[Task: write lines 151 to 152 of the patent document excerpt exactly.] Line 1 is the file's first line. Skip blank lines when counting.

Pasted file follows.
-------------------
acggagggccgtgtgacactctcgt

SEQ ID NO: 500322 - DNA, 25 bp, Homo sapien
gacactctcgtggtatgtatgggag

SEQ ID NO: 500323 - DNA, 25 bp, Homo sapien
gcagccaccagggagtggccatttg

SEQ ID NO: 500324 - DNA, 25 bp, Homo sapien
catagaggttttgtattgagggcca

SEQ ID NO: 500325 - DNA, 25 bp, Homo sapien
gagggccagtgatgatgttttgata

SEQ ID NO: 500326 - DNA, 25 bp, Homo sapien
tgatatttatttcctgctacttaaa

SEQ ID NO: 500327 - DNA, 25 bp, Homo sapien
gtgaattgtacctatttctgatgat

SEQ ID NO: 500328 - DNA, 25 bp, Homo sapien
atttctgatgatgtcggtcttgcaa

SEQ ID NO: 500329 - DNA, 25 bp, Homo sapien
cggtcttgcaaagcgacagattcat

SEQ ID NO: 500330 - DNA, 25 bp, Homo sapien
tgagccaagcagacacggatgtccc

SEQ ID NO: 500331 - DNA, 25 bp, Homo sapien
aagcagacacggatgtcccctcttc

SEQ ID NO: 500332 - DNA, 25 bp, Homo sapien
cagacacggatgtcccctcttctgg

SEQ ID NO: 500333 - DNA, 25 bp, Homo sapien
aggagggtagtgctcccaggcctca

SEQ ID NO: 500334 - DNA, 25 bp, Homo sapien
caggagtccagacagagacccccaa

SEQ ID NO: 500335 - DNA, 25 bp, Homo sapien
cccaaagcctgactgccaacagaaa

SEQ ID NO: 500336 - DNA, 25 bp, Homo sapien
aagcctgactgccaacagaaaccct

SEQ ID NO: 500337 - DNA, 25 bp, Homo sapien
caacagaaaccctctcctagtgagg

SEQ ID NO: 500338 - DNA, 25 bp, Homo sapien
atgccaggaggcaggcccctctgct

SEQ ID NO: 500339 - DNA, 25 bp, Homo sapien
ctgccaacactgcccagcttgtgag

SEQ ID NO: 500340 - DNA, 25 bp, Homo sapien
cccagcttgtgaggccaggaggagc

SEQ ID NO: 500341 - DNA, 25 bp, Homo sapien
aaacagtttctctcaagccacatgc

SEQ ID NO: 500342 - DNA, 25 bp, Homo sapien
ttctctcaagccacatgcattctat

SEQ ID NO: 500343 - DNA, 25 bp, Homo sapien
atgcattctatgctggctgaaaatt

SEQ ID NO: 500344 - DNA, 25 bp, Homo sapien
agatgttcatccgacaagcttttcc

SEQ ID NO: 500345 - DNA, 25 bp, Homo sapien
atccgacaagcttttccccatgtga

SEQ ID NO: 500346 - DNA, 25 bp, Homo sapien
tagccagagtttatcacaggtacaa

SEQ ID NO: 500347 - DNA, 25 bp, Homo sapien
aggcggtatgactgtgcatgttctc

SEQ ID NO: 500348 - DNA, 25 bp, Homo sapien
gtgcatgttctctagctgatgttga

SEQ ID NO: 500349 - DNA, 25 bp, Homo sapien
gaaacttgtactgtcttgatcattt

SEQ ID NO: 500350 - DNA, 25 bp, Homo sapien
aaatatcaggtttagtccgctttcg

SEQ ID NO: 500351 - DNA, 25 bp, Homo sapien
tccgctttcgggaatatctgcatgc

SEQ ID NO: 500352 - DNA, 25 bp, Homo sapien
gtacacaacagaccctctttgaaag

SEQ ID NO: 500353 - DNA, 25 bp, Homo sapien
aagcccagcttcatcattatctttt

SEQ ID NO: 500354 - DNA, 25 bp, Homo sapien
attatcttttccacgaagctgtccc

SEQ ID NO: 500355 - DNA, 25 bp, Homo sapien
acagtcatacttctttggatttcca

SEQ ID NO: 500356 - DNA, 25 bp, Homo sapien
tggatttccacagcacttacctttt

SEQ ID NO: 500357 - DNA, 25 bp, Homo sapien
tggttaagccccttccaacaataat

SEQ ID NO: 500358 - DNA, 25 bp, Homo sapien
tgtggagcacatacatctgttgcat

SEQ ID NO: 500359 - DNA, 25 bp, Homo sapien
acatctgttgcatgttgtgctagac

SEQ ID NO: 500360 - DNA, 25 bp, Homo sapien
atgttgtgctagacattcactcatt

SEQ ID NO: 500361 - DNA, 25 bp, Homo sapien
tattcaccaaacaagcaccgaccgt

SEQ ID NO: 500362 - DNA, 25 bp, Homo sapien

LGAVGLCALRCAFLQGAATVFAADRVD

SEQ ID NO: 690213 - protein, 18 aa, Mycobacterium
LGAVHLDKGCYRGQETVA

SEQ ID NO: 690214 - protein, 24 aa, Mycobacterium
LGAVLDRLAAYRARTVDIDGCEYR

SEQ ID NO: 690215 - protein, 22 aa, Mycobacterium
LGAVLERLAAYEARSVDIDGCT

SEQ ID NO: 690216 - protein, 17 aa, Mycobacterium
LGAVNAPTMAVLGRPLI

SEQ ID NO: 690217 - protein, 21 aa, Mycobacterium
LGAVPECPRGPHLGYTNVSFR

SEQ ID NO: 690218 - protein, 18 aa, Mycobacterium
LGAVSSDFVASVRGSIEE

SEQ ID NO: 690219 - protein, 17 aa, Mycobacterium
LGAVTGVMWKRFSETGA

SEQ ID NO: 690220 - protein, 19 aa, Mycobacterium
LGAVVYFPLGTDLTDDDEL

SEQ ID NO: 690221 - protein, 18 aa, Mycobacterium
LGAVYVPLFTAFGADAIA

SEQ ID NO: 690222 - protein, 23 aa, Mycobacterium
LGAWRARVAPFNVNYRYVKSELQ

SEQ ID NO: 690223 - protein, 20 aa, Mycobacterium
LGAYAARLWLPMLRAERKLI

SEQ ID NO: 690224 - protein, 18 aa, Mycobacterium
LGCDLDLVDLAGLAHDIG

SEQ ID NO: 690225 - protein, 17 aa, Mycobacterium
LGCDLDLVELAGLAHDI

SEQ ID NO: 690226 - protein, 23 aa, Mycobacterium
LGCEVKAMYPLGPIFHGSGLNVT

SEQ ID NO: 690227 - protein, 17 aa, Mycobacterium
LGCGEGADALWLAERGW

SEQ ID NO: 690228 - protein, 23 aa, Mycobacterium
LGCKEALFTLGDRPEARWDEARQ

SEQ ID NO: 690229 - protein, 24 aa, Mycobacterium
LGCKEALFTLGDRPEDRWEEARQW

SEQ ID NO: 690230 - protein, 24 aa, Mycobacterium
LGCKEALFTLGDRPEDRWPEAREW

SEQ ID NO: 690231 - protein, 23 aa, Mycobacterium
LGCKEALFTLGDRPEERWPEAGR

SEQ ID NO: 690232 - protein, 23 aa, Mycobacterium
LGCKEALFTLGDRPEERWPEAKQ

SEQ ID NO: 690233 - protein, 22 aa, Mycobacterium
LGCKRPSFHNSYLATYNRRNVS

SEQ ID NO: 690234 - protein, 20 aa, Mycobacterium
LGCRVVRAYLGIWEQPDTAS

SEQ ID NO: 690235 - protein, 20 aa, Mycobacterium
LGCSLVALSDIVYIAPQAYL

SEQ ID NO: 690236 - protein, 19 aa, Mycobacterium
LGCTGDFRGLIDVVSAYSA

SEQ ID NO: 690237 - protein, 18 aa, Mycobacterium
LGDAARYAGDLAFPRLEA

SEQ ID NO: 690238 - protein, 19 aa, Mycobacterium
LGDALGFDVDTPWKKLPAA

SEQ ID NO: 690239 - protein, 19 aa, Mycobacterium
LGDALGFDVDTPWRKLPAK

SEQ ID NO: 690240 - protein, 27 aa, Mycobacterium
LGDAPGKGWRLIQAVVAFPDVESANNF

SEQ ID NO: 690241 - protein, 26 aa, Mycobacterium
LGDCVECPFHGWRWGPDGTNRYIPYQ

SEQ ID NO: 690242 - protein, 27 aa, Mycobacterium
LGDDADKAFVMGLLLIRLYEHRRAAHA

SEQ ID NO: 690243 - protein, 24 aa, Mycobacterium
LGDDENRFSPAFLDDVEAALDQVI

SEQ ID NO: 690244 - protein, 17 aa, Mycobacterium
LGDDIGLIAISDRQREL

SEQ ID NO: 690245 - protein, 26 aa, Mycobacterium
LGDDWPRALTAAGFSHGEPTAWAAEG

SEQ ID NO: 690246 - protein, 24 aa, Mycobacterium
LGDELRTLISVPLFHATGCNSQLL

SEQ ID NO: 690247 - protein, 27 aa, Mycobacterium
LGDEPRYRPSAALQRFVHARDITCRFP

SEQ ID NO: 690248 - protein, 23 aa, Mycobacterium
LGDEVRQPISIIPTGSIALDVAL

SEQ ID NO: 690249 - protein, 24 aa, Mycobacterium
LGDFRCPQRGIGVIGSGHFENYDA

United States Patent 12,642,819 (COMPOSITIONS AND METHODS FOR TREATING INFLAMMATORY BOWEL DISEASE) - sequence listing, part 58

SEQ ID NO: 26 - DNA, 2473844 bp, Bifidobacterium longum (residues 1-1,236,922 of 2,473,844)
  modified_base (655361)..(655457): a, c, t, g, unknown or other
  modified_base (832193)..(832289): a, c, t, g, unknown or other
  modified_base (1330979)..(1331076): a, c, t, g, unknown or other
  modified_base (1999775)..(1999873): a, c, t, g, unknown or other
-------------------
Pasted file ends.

LGDELRTLISVPLFHATGCNSQLL

SEQ ID NO: 690247 - protein, 27 aa, Mycobacterium